I've been daydreaming about the Pt. Reyes Farmstead Bleu Cheese Salad all day.

"Skates," says The Main Nerdy Geotech Guy thoughtfully, attempting to recall the restaurant. "Skates. Skates on the Bay. It sounds vaguely familiar." And then his expression suddenly brightens.

"Now I remember!" he says happily. "Isn't that where Laci Peterson  washed up on the beach?"

            *            *            *            *            *            *

6:15 p.m.

The waitress has seated us at the best table in the entire restaurant: a corner table positioned directly next to the floor-to-ceiling windows, affording us a sweeping panoramic view of San Francisco Bay. Or it would afford us a sweeping panoramic view of San Francisco Bay, if the fog weren't in this evening. Mostly our *view* is of miles and miles of choppy gray water, rolling seamlessly into the foggy gray horizon. Even the Golden Gate Bridge is little more than a ghostly blur in the distance. (And right next door to the restaurant -- clearly visible through the fog -- the Berkeley Marina, where Scott Peterson embarked on his infamous Christmas Eve "fishing trip.")

But that's OK. The view isn't why we're here, anyway. I've got Pt. Reyes Bleu Cheese Salad. I've got lemonade. I've got filet mignon, being cooked to my exacting specifications, even as we speak. I've got a handsome husband who loves me, and we're here celebrating two years of nauseatingly-joyous wedded bliss.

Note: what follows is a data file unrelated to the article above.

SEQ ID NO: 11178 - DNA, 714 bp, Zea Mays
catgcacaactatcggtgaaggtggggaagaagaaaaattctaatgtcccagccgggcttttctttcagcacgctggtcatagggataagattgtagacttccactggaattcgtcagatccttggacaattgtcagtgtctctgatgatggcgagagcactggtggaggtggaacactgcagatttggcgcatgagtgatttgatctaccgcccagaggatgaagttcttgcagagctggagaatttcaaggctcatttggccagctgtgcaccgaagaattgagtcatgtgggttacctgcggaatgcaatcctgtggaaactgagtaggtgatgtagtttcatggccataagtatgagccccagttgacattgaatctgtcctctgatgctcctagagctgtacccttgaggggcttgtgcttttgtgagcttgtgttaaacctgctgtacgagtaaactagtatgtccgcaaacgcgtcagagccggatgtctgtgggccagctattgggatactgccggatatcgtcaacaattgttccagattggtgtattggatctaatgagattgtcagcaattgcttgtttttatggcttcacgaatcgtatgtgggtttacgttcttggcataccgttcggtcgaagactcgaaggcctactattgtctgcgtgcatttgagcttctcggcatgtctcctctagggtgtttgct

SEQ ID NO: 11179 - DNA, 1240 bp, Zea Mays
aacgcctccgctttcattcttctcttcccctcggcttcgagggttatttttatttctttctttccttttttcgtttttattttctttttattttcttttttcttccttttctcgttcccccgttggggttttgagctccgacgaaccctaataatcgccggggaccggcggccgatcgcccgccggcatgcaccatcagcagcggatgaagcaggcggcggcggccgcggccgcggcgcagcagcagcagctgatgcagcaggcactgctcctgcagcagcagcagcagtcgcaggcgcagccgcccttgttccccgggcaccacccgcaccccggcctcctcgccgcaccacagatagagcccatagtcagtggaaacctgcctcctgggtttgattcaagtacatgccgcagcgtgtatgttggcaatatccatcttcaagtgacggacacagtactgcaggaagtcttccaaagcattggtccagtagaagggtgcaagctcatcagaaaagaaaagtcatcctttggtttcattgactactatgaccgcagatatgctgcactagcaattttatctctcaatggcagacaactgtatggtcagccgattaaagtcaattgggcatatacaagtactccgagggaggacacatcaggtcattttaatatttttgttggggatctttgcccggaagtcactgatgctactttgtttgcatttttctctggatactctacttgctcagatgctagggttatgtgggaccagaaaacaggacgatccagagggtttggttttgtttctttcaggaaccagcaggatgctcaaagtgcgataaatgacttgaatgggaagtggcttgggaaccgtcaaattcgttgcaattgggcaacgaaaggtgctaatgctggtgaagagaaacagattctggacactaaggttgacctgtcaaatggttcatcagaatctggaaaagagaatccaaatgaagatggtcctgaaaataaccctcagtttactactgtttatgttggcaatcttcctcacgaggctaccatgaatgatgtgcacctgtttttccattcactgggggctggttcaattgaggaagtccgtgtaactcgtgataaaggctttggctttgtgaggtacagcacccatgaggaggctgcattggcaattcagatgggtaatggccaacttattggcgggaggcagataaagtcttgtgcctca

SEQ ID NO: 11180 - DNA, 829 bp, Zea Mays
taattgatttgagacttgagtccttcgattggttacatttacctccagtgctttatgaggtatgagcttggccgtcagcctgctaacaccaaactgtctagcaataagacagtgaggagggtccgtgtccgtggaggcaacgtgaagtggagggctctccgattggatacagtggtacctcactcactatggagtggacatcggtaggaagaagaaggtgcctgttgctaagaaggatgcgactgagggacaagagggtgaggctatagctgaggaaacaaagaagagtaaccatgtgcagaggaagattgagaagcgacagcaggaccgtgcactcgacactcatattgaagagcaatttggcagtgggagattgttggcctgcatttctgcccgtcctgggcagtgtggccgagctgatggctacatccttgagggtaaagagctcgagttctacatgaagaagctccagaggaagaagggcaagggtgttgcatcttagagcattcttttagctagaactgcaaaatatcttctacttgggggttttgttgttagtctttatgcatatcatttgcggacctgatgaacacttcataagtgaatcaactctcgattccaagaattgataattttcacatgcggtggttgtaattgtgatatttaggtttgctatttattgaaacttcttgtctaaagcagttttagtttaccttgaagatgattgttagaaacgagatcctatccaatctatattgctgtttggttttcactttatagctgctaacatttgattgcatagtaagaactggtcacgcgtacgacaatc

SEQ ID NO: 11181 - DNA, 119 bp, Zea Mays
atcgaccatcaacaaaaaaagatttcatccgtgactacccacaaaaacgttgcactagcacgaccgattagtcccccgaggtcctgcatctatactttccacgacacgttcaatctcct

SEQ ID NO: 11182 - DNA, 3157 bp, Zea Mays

I'm happy.

As I'm poking through the lettuce leaves, hunting for any remaining chunks of bleu cheese that may still be lingering there, David reaches into his coat pocket and withdraws a large white envelope. "This is for you," he says. "Happy anniversary."

I frown a little as I open the card. This is in direct violation of our no-gifts/no-cards agreement. "You weren't supposed to do this," I scold ... but deep down inside I'm thrilled, and he knows it, and I know he knows it, and he knows I know he knows it. He leans back in his chair and smiles modestly as I read every word of the Hallmark, start to finish. Somehow he has once again managed to pick just the card that expresses everything I feel about our marriage. By the time I get to the end of the poem, where he has signed 'All my love, David,' in his confidently illegible handscribble, I'm starting to cry.

"I didn't get you anything," I sniffle.

"That's OK," he says sweetly. "Just being married to you is *gift* enough."

            *            *            *            *            *            *

8:11 p.m.

"I ate too much," David groans again.

We're sprawled across the bed in our underwear, recovering from the fancy-pants dinner. My petite filet mignon was precisely that: petite. It was about the size of my clenched fist, and I have very tiny fists. But it was incredibly filling, just the same. I ate the whole thing in six succulent, mouth-watering, $10-a-bite mouthfuls, then spent the rest of the meal picking at David's green beans and mashed potatoes. He ordered the phonebook-sized slab of prime rib and powered right through the whole thing without coming up for air. Plus we both had dessert: key lime pie for me, a cannoli for him.